PMTCT
PMTCT is the acronym used to describe the efforts and protocols used in the prevention of mother-to-child transmission of HIV. Although PMTCT may at first seem a bit complicated, there are some steps like educating mothers-to-be, testing them for HIV, informing them of breast milk substitutes, following safer delivery practices and giving them access to anti-retroviral drugs and treatments. These measures can substantially cut down rates of mother-to-child transmission (MTCT) of HIV.

PMTCT has been recognized as one of the best ways to combat HIV/AIDS, especially in the fight for the lives of children. And with that recognition, the efforts to implement PMTCT have been stepped up globally. For example, in 2005 the percentage of HIV infected women who had access to treatment in developing countries was only 15%. This percentage grew to 23% in just one year, and by 2009 it was 53% [2]. Read More

Winning The Fight Against Mother-to-Child HIV Transmission

Countries all over Sub-Saharan Africa have built a strong foundation in the fight against HIV

Not so long ago, HIV/AIDS was presumed to be a disease that could never be stopped. It hit so hard and so fast that the first crucial moments, when much could have been done, were not taken advantage of. By the time it was recognized as an pandemic too many people had already been infected. And then, the next generation started feeling the effects too, when children became infected via mother-to-child-transmission (MTCT). The hardest hit countries were almost all here in Sub-Saharan Africa, where it was thought that there was absolutely no hope of winning the fight against HIV/AIDS. Read More

Mother-to-child Transmission of HIV: The Way Forward

I live in Ethiopia. Ever since HIV/AIDS came out of nowhere and took center stage in the early 80’s, it  has managed to spread to every nook and cranny of the world and claim the lives of millions of mothers and children around us. In a country where we used to bury someone close almost every week, we have seen a big change: countries with the highest infection and mortality rates, like Ethiopia, have been able to slow down the HIV trend. Yet, sadly, there are still other countries in Sub-Saharan Africa where more needs to be done: in South Africa, for example, the infection rate of HIV among pregnant women has been reported to be as high as 29%, this has not changed much in many years1. Read More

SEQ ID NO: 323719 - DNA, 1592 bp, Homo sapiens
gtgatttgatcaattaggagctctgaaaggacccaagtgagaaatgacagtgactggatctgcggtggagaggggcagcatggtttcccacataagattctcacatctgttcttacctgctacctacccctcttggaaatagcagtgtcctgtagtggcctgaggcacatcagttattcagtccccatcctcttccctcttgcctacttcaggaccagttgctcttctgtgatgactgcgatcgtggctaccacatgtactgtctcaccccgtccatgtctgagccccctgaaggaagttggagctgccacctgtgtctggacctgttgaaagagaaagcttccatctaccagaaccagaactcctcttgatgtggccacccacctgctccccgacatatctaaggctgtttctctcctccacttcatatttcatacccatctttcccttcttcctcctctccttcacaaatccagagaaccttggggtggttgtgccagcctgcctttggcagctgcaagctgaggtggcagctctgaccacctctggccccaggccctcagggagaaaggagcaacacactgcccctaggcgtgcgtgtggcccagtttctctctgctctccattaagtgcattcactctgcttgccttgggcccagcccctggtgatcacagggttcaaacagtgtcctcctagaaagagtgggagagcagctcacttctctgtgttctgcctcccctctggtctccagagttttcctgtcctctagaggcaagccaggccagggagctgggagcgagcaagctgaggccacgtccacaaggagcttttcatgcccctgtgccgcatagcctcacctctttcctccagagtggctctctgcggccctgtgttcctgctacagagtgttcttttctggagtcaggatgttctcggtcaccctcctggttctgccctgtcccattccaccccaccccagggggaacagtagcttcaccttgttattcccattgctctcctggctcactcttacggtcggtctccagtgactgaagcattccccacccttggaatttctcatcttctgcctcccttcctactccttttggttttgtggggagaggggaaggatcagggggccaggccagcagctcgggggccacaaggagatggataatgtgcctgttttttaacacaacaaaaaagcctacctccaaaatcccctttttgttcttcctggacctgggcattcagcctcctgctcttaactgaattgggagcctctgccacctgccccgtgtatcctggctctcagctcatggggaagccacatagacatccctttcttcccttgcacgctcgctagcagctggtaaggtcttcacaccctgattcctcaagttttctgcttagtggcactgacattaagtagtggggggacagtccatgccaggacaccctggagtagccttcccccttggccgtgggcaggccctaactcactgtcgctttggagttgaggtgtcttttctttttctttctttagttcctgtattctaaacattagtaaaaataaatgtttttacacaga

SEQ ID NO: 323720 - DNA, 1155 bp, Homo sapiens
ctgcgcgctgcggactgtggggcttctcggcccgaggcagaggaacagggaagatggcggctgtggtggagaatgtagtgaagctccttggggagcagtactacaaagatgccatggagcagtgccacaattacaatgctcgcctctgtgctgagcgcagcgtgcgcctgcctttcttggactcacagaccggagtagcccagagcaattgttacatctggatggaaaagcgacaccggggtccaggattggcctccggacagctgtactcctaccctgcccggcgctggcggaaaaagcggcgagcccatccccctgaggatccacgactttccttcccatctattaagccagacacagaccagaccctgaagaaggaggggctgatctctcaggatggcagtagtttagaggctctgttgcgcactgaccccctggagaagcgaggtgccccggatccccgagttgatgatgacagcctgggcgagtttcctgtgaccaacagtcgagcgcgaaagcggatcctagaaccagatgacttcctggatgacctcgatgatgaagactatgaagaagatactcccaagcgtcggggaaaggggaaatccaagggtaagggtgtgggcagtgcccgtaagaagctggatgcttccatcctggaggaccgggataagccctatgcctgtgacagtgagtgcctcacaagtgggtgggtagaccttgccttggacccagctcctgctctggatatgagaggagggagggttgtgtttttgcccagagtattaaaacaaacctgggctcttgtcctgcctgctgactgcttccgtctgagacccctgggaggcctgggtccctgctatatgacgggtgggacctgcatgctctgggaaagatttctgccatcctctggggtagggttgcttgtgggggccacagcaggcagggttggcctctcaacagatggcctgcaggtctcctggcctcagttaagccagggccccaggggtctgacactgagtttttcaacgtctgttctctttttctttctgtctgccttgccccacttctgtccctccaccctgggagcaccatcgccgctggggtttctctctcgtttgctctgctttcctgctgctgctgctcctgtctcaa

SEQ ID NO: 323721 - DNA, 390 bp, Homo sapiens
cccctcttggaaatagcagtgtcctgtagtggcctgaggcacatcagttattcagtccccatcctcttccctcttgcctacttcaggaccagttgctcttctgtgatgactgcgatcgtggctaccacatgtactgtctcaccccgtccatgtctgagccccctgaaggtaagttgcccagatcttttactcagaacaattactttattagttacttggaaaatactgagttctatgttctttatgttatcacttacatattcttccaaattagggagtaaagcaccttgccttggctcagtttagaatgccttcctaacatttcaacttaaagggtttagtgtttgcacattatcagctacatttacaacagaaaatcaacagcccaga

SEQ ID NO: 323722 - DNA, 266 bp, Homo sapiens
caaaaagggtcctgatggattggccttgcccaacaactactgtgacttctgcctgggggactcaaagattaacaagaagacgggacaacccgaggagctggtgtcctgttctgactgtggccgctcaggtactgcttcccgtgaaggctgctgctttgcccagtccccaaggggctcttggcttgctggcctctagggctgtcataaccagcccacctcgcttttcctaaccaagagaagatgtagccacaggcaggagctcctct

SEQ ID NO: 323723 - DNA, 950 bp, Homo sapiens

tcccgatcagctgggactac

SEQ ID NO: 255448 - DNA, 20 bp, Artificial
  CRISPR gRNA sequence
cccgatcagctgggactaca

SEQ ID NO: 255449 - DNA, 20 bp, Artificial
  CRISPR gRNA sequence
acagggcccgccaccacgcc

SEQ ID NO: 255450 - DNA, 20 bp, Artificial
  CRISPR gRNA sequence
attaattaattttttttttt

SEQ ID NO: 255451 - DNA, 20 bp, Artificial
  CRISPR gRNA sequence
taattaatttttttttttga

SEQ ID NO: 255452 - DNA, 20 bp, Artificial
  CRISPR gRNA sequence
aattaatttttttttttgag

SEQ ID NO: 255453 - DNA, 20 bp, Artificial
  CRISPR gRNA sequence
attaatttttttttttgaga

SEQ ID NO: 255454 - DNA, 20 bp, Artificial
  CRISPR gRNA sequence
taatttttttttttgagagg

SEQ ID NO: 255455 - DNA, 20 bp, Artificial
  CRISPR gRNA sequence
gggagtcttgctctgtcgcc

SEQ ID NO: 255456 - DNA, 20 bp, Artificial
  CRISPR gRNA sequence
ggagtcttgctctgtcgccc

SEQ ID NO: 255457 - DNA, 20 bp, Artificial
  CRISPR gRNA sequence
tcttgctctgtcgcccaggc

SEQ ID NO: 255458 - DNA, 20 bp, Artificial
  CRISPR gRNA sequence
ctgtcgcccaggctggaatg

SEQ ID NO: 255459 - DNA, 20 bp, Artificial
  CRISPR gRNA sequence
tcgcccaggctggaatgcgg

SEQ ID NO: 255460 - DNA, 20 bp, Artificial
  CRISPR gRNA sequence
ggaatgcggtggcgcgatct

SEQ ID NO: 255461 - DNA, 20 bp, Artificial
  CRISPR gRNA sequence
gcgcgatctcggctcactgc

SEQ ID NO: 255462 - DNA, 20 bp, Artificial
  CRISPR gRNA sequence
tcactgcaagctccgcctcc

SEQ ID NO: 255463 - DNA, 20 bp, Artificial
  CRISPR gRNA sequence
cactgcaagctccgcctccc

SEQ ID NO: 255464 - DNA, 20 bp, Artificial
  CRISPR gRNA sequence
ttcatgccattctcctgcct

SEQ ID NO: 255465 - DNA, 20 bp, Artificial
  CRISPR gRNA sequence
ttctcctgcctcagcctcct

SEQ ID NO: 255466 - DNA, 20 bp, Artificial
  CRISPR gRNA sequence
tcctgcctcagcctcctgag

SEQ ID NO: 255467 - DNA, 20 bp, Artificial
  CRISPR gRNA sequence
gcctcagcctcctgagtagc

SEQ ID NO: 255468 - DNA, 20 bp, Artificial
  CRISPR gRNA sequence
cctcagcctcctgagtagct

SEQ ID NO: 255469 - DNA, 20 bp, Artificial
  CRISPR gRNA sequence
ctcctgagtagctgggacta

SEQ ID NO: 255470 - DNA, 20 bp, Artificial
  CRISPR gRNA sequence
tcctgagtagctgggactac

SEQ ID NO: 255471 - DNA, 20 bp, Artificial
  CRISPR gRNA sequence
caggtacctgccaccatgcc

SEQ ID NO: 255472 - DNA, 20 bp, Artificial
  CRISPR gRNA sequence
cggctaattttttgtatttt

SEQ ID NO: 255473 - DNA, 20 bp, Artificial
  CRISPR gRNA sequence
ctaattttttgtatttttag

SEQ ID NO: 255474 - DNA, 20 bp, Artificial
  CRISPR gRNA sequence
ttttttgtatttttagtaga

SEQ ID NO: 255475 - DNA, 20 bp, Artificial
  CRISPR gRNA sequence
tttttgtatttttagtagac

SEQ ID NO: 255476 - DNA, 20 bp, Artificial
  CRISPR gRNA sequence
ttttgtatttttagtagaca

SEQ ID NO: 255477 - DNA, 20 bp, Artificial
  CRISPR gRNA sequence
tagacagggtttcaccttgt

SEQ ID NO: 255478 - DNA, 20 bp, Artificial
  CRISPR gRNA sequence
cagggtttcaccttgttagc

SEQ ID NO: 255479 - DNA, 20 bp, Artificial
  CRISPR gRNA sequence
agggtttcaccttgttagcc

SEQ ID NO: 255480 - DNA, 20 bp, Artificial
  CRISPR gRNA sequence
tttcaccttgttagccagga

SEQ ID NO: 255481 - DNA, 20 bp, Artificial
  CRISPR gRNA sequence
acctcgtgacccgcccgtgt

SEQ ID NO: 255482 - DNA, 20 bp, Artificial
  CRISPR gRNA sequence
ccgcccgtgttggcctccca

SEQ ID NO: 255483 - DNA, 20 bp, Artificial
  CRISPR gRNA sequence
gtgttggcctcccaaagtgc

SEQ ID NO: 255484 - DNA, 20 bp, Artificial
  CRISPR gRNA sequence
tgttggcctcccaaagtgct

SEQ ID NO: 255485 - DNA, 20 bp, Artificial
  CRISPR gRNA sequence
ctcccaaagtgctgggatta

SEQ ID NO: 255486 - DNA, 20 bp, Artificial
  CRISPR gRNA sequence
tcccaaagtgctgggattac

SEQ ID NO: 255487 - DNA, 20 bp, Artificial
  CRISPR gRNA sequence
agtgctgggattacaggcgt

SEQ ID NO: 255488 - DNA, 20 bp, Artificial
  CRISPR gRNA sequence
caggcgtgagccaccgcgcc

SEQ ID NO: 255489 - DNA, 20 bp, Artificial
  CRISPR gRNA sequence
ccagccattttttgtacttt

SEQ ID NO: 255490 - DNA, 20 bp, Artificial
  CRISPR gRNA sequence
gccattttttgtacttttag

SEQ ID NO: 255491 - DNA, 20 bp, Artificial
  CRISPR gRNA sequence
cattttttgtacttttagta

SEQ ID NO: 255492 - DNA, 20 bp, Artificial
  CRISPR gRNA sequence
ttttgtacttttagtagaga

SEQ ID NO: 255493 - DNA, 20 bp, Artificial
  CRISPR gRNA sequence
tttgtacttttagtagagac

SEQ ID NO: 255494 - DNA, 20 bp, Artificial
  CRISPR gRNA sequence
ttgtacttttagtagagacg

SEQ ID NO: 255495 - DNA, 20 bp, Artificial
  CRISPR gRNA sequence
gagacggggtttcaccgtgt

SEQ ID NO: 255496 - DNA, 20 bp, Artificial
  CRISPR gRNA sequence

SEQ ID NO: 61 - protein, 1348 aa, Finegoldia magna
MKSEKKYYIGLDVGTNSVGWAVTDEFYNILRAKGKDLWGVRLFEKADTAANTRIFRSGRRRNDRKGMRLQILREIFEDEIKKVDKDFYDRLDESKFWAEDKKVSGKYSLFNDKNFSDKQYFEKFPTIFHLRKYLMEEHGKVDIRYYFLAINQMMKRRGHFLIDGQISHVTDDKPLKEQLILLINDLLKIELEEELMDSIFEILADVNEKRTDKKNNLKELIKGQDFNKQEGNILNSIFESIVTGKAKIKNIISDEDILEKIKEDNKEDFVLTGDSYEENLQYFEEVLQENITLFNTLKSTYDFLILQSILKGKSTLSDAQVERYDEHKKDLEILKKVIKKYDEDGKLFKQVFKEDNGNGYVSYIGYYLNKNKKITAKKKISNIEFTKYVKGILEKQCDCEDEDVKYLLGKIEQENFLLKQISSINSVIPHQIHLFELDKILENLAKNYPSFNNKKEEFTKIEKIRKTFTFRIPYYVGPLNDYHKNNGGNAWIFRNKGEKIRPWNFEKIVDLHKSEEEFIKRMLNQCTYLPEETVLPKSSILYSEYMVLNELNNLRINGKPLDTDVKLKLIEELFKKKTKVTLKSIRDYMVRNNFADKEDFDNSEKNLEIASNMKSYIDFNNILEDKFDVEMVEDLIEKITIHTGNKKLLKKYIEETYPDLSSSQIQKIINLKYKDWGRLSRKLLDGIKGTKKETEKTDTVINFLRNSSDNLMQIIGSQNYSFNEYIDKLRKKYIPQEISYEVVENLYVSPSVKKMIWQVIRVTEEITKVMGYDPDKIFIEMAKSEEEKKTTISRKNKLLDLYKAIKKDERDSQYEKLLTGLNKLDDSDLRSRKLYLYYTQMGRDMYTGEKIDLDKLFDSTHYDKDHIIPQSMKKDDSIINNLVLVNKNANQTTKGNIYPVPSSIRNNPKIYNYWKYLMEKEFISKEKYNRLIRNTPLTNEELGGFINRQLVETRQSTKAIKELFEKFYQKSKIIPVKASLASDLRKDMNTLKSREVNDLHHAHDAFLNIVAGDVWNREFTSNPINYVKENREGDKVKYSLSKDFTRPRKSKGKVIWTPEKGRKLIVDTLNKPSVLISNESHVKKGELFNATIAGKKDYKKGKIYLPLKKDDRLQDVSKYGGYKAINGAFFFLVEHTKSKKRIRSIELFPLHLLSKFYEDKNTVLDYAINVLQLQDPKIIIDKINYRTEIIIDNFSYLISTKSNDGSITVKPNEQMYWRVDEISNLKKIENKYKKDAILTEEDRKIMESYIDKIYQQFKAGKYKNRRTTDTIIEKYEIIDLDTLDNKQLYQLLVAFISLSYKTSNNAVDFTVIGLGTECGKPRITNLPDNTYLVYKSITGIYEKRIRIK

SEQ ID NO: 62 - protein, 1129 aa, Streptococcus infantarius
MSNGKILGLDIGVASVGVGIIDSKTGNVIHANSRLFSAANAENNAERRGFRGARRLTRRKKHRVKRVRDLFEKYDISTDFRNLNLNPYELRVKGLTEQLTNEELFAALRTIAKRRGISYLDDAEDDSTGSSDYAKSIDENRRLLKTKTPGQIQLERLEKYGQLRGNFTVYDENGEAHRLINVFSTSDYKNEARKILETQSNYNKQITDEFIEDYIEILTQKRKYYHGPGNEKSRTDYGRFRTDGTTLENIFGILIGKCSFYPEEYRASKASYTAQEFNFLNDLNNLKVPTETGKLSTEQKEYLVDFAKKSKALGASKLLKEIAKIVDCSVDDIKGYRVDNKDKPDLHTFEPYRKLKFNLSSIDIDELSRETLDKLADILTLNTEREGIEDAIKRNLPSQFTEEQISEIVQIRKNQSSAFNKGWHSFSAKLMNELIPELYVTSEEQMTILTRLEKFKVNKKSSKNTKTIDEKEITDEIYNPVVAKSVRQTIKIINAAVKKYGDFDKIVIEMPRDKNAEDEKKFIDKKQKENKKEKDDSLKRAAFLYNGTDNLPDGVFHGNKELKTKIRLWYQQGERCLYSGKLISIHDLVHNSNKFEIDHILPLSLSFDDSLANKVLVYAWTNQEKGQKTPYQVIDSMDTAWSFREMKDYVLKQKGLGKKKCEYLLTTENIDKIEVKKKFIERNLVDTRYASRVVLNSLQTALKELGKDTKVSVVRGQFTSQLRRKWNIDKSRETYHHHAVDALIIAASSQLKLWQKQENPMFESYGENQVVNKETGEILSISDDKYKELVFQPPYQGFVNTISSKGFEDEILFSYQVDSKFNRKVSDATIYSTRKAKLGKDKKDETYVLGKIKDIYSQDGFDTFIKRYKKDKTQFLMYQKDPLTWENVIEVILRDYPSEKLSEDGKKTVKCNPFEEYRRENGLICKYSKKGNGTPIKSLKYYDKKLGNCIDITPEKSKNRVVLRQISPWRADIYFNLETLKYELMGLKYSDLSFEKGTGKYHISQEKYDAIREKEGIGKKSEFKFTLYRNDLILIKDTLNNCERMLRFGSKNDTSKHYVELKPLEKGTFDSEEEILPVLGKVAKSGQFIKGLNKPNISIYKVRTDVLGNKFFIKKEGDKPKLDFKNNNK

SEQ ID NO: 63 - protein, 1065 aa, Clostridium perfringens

Mother-To-Child Transmission: The Preventable Facet of HIV


Less than half of pregnant women in Sub-Saharan Africa have access to antiretroviral treatment

Mother-to-child transmission (MTCT) of HIV occurs when an HIV-positive mother infects her child during pregnancy, labor and delivery, or through breastfeeding. In 2008, a Global Summary of the AIDS Epidemic conducted by UNAIDS showed that 2.1 million children under 15 years of age were living with HIV. In this report, one of the nine goals set out for the 2009-2011 period Read More